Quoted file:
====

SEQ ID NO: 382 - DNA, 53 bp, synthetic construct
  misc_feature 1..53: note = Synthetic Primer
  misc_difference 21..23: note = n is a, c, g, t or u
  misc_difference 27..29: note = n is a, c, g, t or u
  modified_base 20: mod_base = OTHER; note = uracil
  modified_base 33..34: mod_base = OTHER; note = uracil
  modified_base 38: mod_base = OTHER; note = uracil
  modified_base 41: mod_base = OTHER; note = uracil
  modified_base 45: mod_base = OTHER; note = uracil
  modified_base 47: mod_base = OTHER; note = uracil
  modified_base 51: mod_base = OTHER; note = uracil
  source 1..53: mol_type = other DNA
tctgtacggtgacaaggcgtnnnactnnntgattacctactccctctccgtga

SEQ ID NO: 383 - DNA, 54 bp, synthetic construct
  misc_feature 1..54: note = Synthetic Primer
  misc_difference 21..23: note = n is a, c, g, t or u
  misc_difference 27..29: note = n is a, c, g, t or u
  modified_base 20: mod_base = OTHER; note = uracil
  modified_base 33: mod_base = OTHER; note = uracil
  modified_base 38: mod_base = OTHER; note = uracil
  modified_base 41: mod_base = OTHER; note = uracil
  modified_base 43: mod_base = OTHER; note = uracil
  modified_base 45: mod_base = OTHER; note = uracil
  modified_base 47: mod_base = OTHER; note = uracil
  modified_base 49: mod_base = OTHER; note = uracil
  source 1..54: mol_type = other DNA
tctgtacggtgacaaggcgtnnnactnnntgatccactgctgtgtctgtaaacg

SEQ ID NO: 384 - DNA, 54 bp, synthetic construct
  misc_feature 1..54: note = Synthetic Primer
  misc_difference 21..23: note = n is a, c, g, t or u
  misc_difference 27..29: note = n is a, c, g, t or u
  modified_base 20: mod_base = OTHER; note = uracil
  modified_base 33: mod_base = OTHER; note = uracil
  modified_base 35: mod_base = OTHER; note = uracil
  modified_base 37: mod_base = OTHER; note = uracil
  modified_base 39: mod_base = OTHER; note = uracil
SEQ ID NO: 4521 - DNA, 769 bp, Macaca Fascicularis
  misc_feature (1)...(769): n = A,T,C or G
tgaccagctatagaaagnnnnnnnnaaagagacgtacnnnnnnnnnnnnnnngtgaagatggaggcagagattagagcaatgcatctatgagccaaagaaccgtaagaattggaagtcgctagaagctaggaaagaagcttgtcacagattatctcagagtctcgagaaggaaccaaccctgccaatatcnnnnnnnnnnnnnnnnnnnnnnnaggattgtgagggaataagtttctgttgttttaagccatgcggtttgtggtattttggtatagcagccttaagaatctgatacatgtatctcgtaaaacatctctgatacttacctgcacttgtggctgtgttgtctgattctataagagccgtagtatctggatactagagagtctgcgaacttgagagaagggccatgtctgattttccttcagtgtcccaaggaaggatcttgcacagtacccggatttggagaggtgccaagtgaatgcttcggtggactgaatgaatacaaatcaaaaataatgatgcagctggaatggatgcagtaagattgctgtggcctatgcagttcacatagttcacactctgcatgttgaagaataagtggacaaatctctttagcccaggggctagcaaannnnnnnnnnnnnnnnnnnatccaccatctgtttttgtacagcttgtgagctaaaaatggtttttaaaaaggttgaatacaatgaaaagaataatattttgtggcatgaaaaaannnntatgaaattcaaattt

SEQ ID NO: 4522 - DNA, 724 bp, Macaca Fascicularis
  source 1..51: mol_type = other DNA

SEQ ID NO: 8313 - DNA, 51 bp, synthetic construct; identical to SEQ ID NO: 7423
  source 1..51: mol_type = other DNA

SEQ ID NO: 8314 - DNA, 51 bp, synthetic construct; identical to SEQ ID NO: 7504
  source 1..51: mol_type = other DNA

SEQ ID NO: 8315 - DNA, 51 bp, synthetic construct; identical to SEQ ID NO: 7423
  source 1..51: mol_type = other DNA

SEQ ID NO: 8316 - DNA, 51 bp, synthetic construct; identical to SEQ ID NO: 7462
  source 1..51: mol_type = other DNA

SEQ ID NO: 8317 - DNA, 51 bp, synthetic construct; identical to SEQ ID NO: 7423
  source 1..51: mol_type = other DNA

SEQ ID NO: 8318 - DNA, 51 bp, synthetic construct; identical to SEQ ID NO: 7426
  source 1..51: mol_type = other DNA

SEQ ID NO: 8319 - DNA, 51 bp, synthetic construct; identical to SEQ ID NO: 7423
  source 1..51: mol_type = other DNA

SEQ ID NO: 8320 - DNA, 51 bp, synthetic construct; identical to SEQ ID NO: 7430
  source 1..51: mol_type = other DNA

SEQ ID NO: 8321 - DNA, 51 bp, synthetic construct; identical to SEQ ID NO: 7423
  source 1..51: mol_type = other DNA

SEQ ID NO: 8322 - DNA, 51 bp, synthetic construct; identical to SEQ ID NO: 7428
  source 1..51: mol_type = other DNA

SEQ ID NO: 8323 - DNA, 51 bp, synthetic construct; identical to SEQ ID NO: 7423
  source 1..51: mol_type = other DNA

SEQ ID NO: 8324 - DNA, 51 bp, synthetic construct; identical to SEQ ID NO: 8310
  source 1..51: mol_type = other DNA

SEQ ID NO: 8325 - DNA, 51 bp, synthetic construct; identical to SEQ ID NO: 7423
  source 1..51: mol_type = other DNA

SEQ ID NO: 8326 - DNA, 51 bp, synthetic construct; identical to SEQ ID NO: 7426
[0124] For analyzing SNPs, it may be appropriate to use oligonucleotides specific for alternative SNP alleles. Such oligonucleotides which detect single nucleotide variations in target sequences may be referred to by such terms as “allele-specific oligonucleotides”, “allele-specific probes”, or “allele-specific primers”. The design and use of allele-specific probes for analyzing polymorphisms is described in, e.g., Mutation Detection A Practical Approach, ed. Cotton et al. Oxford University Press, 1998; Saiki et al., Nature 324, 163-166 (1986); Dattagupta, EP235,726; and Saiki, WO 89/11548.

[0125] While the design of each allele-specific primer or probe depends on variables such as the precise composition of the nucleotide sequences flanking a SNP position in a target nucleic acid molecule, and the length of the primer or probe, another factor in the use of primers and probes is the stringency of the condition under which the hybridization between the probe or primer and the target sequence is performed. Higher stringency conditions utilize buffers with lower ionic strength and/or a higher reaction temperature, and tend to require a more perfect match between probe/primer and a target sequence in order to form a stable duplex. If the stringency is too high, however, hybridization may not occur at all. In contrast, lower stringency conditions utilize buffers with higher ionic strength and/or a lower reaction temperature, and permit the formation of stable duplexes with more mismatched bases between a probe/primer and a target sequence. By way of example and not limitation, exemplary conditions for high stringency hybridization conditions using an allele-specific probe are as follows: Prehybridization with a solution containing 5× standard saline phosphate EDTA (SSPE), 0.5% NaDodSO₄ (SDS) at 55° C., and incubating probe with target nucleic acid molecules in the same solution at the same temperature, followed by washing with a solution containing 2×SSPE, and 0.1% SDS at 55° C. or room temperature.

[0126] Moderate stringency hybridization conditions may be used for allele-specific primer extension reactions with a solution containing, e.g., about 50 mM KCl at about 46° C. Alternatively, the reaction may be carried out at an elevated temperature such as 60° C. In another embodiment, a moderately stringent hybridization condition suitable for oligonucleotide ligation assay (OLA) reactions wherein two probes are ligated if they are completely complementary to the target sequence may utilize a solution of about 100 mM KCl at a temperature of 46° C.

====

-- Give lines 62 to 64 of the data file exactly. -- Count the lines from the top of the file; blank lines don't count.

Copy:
SEQ ID NO: 8323 - DNA, 51 bp, synthetic construct; identical to SEQ ID NO: 7423
  source 1..51: mol_type = other DNA

SEQ ID NO: 8324 - DNA, 51 bp, synthetic construct; identical to SEQ ID NO: 8310